What did the stock market do today? 3 great stories to catch up on.
Today has been a huge day for the major indices, with the Dow Jones hitting an all-time high and the Nasdaq avoiding its fifth consecutive day of losses. Crypto continued to soar, and Gary Gensler answered hard-hitting questions from Congress. So what did the stock market do today?
- the S&P 500 closed up 0.82%
- the Dow Jones Industrial Average closed up 0.93%
- the Nasdaq Composite closed up 0.37%
What else has the stock market done today? Here are the main stories.
What did the stock market do today? He was impressed with the Dow.
The Dow Jones today had the most exceptional day of all the major economic indices. The industry average jumped 318 points at the close, ending the day high of $ 34,548.53.
The all-time high suggests that we are at a time when post-pandemic enthusiasm is starting to mount. The bulls look to cyclical stocks for proof and they find it around the corner. General Mills (NYSE:GIS), Kroger (NYSE:KR), Boeing (NYSE:BA) and JPMorgan Chase (NYSE:JPM) are all on the rise today as consumer enthusiasm appears to be reaching pre-pandemic levels.
Completing the bullish Dow as well is an impressive race for the retail and tech giants. Alphabet (NASDAQ:GOOGL), Microsoft (NASDAQ:MSFT), Facebook (NASDAQ:FB), Amazon (NASDAQ:AMZN) and Apple (NASDAQ:AAPL) all wrapped up for the day in green.
As the country sees continued improvement in unemployment rates, investors may find reason to be bullish on cyclical stocks. According to Investing.com, “The number of people filing for unemployment fell from 92,000 to 498,000 in the week ending May 1.” This is the lowest level of jobless claims since March 2020. Analysts also estimate that 978,000 jobs were created last month. It would be intuitive to assume that these jobs created are in cyclical sectors.
Crypto stays hot while Exchange plays plaice
Investor interest in cryptocurrency is still at unprecedented levels after April’s altcoin craze. Dogecoin (CCC:DOGE-USD) stands near 60 cents today after doubling in value this week. Now it looks like the season is on for hard fork coins as the trading volume has skyrocketed. Ethereum (CCC:ETH-USD) fork Classic Ethereum (CCC:ETC-USD) is up around 60% on the day with nearly double the average trading volume. And, Bitcoin (CCC:BTC-USD) forks Bitcoin Gold (CCC:BTG-USD) and Bitcoin Cash (CCC:BCH-USD) follow in ETC’s footsteps. It is clear that investors are striving to find the next Dogecoin in these hard forked digital currencies and they are on the right track.
The crypto hype continues to spread across Wall Street as well. Goldman Sachs (NYSE:GS) is capitalizing on the crypto craze with an announcement that it is now offering Bitcoin derivatives. The contracts were quietly launched in April and follow Goldman Sachs’ reopening of its crypto trading desk in early 2021.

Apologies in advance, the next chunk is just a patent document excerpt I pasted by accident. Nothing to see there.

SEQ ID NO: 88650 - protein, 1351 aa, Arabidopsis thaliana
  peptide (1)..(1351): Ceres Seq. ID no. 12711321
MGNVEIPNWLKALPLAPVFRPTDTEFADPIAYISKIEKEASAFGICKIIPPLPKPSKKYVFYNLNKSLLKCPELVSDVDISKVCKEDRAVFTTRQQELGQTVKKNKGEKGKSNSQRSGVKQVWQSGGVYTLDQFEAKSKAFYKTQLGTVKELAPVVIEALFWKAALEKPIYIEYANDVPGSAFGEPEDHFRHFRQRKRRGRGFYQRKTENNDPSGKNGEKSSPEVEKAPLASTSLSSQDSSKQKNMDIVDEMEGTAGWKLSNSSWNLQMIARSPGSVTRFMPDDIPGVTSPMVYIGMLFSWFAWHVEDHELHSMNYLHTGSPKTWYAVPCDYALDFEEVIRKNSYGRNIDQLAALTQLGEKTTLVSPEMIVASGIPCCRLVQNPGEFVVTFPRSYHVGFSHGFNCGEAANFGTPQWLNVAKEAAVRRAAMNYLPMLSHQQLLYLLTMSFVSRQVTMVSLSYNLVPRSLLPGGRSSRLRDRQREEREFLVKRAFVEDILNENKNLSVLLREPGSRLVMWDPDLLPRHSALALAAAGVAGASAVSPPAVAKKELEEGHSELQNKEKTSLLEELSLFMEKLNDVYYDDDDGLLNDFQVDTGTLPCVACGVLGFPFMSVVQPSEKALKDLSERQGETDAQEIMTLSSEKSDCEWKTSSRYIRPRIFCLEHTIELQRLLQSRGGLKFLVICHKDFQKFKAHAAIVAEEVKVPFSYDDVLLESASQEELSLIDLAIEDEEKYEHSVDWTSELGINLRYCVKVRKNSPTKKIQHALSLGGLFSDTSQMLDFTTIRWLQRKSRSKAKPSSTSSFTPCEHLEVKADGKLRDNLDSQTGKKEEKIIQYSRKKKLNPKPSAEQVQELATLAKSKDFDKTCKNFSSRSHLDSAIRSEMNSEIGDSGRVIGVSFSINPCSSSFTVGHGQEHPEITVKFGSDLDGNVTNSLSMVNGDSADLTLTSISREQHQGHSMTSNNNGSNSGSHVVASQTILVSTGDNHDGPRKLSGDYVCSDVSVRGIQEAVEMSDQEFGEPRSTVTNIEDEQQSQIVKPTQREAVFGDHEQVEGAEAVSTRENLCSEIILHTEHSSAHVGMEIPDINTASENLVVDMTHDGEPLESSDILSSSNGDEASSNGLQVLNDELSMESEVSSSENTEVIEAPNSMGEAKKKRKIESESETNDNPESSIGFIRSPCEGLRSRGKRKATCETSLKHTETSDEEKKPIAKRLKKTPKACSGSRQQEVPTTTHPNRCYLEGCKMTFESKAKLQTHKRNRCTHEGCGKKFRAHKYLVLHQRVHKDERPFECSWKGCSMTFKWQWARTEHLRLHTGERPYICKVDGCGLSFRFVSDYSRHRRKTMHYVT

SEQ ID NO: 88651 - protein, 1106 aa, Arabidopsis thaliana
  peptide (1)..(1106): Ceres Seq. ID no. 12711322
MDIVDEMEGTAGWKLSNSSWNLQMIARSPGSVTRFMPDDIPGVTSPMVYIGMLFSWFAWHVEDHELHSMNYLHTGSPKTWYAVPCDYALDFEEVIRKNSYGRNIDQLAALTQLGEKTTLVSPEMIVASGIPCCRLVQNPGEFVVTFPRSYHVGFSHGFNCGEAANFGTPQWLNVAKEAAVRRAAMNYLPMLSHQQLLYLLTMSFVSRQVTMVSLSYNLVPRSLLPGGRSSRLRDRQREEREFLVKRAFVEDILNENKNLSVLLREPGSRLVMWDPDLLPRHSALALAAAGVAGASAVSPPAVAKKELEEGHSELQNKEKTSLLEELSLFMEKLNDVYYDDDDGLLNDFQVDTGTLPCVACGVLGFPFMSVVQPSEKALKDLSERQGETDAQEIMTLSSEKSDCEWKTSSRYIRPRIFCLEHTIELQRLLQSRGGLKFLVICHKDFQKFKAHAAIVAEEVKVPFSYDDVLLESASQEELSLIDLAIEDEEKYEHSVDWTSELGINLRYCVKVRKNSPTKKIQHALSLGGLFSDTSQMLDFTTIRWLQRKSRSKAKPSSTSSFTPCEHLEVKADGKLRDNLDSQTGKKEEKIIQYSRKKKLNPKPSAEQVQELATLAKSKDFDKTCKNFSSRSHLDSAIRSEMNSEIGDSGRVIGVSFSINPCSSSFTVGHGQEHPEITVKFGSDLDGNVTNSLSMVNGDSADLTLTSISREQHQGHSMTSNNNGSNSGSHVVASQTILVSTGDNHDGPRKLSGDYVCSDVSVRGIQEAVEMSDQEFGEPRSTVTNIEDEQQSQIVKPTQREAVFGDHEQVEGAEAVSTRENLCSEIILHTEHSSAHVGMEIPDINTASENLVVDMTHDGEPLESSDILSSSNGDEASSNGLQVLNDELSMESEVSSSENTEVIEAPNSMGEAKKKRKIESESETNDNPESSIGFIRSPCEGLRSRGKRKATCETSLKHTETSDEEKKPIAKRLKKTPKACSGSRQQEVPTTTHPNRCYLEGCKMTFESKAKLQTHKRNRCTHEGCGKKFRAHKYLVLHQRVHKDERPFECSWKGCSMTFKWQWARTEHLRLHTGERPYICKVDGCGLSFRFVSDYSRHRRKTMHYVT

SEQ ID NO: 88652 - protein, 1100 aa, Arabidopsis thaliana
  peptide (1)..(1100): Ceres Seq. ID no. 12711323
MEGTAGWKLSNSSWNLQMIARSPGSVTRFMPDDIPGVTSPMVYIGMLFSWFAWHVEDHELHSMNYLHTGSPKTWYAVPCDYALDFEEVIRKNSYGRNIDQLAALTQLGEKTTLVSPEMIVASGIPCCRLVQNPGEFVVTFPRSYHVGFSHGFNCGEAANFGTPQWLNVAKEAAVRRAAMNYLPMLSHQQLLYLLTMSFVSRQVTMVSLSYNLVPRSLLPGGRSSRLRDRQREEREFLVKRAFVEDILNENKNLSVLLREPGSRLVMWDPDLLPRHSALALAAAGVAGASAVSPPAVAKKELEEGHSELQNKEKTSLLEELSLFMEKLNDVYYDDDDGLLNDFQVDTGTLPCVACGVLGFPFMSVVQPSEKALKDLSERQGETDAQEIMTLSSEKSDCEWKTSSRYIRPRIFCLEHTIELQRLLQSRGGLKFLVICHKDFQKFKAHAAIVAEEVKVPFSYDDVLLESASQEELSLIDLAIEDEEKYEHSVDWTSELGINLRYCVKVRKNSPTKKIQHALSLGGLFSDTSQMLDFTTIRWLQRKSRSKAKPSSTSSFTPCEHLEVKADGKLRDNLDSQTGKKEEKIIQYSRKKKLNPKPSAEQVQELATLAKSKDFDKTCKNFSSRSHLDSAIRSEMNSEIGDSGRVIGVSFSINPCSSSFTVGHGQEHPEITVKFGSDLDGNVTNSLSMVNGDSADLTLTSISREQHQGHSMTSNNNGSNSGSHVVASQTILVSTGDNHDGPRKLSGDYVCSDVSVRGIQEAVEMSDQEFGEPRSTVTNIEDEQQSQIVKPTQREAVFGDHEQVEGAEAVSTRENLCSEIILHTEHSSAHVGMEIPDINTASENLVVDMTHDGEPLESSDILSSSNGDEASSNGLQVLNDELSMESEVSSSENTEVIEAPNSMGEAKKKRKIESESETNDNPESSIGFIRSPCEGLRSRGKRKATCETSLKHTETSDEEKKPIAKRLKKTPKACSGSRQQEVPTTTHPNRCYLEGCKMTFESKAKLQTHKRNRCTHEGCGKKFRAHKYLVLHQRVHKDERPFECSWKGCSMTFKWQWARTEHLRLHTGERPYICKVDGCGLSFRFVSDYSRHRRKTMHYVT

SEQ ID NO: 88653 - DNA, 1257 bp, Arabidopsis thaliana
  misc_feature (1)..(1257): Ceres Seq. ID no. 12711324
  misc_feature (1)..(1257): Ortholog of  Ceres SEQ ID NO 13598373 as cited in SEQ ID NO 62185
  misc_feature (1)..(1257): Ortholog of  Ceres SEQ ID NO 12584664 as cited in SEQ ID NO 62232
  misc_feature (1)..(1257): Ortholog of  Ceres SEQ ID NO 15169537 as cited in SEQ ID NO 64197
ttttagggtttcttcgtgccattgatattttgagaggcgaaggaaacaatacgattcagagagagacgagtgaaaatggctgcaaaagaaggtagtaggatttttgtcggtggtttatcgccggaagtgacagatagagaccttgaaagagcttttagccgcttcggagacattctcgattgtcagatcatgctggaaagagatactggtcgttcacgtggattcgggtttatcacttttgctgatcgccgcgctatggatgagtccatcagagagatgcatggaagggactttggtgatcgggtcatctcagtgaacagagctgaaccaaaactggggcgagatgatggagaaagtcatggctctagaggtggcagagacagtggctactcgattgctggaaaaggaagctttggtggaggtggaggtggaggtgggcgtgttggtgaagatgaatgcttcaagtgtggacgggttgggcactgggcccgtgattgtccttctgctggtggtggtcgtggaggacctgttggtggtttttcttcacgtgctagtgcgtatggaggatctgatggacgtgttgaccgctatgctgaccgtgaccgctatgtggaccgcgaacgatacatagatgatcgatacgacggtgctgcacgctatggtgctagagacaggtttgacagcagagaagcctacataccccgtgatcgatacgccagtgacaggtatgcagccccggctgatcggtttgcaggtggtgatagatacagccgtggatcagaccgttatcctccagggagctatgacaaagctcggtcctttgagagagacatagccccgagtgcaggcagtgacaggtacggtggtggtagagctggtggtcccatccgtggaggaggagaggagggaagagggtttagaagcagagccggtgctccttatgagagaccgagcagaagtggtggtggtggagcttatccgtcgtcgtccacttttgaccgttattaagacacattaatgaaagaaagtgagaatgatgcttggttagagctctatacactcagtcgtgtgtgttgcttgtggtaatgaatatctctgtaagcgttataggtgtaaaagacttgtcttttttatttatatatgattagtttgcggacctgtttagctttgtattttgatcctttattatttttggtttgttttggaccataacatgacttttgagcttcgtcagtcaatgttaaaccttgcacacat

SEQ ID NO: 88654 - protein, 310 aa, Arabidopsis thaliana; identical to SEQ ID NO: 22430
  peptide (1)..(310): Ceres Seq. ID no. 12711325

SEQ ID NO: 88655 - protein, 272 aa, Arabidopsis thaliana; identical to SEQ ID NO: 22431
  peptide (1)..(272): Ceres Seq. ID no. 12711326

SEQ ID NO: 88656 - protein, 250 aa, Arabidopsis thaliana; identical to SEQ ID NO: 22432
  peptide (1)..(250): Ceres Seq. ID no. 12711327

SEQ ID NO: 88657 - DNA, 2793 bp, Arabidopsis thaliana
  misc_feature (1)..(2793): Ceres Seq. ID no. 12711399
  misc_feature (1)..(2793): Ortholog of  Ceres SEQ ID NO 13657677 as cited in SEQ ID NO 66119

However, not all the hype can save Coinbase (NASDAQ:PIECE OF MONEY) from his post-IPO hangover. The largest U.S. crypto exchange hit an all-time low of $ 250.51 today, less than a dollar above its benchmark price. The free fall caused investors to readjust their perspective on the stock and question its valuation.
While COIN is immune to the same trendy non-fungible token (NFT) and Special Purpose Acquisition Company (SPAC) review given its infrastructure, there are still plenty of questions left. We don’t yet know what will happen to government cryptocurrency regulation. Additionally, it appears that many are disappointed with the idea of owning a stock that could be left out of a government crypto restructuring.
Gary Gensler chats with house reps on GameStop and Archegos
Gary Gensler, new chairman of the United States Securities and Exchange Commission (SEC), took the hot seat this afternoon as Congress continues to seek information GameStop (NYSE:GME). Gensler was tasked with addressing the consequences of the short-term GME squeeze in January, which greatly rewarded retail investors for their coordinated attack on short sellers.
Gensler prepared for the testimony with a host of new rules being considered by the SEC for trading. The rules are primarily aimed at short sellers, for example by requiring greater disclosure of short positions. Also noteworthy are the rules aimed at increasing the transparency of securities lending as well as the disclosure rules for equity swaps. The last of these was cited by Gensler following the implosion of Archegos in March.
Continuing the dialogue on the “gamification” of retail applications was also on Gensler’s agenda. The new SEC chairman noted that a public opinion request was being drafted asking for comment on how these apps attract retail investors with points and rewards. On top of that, Gensler announced an additional project offering a two-day transaction settlements expedition.
Today’s testimony seems to appeal to Democrats, as Gensler shows promise in cracking down on Wall Street’s opaque business tactics. The new rules and the two draft proposals should protect retail investors well from app gamification and make short sales much easier to spot.
As of the publication date, Brenden Rearick does not hold (directly or indirectly) any position in the securities mentioned in this article.